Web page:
Burst of Color in Udaipur during Navratri

by - September 16, 2017

I kept Udaipur in my memory as one of the cities that I liked the most during my first trip to Rajasthan. That is why, when I was in Bikaner, my route plan changed. I decided that Udaipur had to return, even if only to contemplate once again the sunset over Lake Pichola.

Udaipur has received me exactly as I remembered it. Its white terraces continue to reflect the sun's rays although to a lesser extent. Octopussy is broadcast in many restaurants at seven o'clock in the afternoon. The image of the Palace illuminated at night still far exceeds the visit of its interiors. And, like three years ago, my favorite time is still the sunset. Women go to the ghat to wash clothes, while children soak and rinse between jumps and somersaults, turning an activity as routine as grooming in all a game.

In the past days in Udaipur, I have been able to relive all these memories, and also create new ones, such as the visit to the Jain temple of Ranakpur. It is one of the two classic excursions from Udaipur together with the fort of Chittorgarh.

But, at the same time, Udaipur has also shown me a different face. The quiet city that I remembered was dressed up for the Navratri, which was coming to an end and was saying goodbye in style. During the last days of the festival, the ghat has been invaded by dozens of statues of Durga. While every two by three the streets were cut by the passage of a tractor carrying another statue and followed by a crowd dancing to the music that threatened deaf to all.

A couple of days ago I commented on Facebook that there is no place that day after day surprises me as much as India. This country is crazy, for the good and for the bad. And if there is anything in which the Indians are insurmountable, it is in the celebrations, whatever they may be.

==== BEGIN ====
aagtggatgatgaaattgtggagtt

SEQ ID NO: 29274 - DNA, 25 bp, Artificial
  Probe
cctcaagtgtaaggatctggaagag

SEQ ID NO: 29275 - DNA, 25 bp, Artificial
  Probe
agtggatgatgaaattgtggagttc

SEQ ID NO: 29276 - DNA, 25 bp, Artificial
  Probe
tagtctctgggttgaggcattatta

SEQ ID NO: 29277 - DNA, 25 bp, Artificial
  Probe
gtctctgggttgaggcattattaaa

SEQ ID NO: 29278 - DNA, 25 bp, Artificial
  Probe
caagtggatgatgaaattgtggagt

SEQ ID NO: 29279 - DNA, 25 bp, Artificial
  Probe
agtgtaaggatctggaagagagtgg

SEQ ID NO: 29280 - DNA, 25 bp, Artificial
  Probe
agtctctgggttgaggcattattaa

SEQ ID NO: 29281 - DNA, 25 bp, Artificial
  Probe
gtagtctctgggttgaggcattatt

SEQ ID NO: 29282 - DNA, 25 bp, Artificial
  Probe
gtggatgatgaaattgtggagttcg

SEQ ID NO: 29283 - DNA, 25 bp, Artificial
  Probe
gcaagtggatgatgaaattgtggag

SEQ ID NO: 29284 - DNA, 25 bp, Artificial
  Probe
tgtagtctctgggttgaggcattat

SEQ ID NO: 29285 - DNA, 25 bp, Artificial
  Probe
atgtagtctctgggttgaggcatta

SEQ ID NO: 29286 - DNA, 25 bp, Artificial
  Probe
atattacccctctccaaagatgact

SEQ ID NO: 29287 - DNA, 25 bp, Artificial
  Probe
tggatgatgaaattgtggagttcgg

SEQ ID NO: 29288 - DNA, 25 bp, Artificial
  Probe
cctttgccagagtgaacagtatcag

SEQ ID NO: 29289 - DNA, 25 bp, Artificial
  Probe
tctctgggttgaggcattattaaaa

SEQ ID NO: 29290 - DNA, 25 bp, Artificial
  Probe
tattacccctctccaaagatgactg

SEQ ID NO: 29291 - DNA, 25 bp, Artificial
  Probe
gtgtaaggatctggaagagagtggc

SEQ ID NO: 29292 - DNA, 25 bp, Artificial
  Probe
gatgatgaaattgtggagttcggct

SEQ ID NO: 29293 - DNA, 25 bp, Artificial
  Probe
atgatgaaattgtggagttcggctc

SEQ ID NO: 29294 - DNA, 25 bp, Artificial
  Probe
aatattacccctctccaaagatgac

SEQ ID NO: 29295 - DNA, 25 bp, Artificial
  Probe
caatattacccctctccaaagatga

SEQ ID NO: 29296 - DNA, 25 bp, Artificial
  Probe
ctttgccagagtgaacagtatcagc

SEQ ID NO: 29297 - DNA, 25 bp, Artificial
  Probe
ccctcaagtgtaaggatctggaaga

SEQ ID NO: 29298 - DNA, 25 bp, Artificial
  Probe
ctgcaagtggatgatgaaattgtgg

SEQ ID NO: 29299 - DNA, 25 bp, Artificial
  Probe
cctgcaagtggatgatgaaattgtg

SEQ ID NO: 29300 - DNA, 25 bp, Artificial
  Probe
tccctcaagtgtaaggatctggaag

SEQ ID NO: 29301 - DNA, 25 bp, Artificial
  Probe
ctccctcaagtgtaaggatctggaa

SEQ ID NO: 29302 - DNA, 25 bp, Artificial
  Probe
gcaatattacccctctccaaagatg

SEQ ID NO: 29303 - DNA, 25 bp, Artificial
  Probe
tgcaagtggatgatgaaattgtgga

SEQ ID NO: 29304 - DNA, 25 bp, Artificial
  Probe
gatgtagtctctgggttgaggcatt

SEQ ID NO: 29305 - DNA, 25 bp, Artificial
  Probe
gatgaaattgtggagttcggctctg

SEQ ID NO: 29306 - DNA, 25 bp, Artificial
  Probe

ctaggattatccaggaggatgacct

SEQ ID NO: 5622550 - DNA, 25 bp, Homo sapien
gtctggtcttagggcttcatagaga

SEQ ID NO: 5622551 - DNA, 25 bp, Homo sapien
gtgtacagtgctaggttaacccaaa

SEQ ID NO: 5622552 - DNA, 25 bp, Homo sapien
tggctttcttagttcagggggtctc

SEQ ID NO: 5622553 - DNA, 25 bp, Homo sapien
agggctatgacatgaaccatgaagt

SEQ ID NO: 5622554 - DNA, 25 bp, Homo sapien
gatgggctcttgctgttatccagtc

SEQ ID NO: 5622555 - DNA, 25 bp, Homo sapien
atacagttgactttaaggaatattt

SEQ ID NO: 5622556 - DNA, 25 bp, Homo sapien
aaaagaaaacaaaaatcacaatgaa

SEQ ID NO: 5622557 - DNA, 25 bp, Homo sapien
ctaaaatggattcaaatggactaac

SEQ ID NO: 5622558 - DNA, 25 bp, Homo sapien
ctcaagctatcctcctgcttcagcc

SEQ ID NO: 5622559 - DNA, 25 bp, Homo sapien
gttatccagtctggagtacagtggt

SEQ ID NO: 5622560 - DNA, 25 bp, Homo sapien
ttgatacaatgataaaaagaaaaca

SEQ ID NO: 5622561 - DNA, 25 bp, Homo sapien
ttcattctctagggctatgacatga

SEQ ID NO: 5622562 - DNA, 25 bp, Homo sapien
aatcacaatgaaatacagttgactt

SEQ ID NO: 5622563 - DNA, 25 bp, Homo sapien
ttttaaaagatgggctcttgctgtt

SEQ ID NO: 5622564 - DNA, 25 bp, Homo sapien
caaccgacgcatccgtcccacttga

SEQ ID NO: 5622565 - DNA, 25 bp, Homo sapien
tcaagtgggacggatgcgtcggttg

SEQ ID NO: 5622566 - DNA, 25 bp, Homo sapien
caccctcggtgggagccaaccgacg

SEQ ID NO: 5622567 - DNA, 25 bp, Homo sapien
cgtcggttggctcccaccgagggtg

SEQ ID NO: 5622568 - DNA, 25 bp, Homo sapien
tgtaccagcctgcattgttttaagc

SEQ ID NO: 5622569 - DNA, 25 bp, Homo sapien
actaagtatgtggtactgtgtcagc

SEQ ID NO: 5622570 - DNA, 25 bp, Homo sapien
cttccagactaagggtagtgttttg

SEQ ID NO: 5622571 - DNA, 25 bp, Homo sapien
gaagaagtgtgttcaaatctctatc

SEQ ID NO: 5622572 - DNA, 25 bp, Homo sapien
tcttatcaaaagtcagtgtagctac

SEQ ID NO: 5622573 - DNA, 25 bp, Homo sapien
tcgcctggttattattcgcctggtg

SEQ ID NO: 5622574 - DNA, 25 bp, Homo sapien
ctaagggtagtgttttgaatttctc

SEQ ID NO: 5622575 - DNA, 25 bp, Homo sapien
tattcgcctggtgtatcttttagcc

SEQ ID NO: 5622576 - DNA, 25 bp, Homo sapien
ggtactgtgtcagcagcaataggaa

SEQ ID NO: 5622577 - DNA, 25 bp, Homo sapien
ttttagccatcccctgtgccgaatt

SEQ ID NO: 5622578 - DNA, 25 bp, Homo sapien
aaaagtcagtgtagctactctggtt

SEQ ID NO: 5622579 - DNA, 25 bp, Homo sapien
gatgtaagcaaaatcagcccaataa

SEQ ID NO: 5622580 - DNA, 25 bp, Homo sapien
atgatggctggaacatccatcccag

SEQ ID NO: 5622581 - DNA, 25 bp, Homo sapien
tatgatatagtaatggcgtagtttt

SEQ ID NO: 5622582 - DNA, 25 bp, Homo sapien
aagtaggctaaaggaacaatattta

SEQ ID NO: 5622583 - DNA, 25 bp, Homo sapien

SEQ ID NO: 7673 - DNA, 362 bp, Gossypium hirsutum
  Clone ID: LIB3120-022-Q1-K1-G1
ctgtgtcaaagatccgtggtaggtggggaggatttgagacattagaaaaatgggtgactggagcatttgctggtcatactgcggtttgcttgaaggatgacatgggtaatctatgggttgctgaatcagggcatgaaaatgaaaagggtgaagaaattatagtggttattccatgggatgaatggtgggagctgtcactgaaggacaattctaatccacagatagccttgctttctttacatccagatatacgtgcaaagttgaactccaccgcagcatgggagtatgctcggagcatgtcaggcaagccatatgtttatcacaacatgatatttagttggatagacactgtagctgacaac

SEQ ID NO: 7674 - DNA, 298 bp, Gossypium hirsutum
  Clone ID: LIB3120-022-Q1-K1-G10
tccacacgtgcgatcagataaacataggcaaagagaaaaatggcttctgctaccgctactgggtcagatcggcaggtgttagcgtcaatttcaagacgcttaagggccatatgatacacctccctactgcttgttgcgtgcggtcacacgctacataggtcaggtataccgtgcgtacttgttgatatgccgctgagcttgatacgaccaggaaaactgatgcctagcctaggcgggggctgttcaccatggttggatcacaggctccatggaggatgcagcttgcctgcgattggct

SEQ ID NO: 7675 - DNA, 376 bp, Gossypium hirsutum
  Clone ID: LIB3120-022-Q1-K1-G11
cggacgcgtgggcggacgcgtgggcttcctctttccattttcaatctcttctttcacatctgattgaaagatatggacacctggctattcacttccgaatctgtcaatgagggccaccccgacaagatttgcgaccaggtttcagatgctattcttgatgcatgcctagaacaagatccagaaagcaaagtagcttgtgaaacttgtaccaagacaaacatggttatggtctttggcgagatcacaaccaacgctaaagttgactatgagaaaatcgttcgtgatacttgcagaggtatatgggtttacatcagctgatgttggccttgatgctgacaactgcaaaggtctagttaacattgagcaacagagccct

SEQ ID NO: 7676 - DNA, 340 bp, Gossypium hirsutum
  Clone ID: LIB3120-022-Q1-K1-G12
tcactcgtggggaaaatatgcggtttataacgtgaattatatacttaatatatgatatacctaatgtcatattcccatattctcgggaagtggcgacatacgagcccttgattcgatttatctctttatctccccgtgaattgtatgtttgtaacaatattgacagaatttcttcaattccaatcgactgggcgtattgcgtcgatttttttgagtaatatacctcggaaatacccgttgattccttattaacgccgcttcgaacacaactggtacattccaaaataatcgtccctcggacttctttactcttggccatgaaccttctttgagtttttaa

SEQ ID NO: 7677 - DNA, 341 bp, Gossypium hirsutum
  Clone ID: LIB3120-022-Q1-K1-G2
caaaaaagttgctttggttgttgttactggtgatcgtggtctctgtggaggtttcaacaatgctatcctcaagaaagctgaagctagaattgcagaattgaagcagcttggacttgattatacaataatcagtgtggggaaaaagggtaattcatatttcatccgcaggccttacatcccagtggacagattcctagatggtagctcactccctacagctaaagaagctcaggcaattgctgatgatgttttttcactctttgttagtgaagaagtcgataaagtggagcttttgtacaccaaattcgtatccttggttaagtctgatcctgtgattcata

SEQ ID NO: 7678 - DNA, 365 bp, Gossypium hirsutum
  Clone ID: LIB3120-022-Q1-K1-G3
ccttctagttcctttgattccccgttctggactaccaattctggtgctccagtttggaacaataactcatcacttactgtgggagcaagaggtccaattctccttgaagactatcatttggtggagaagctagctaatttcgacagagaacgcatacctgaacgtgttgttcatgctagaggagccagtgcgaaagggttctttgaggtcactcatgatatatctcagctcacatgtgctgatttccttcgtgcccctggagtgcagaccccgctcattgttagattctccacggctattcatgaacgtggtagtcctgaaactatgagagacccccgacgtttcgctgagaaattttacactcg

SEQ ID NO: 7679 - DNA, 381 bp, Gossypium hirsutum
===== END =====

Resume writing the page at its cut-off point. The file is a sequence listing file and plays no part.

Also, it seems that there is always a reason to celebrate something. Last Thursday, for example, with the Navratri already finished, naive of me I thought that tonight I would finally sleep peacefully. Well no. Thursday is the day of Hanuman (the monkey god) and from eight until twelve at night, in a temple located under my hotel, a group of men and boys were dedicated to repeating mantras marking the rhythm with some drums. One of those (recurring) situations in which you think, and then you laugh hysterically because you know there is no possible solution.

I'm starting to digress, so I'm going to focus on the subject. I wanted to show Udaipur dressed as a party, but to reflect everything seen and lived these days I think the words fall short. As they say that a picture is worth a thousand, this time I will make a silent post.

There is that explosion of color, to those babies observing with their huge eyes all the madness that develops around them. There are those other babies that in spite of madness sleep deeply in the arms of their mothers. There are those men possessed by God. Then there are the parallel acts of the hijra (the third sex) entertaining the citizens with their dances and jokes.

They make use of the imagination, deafening music, shouts, and laughter. I stay from morning to night, and maybe you can get an idea of ​​what the end of Navratri has been in Udaipur. I can not think of a better way to transmit it.

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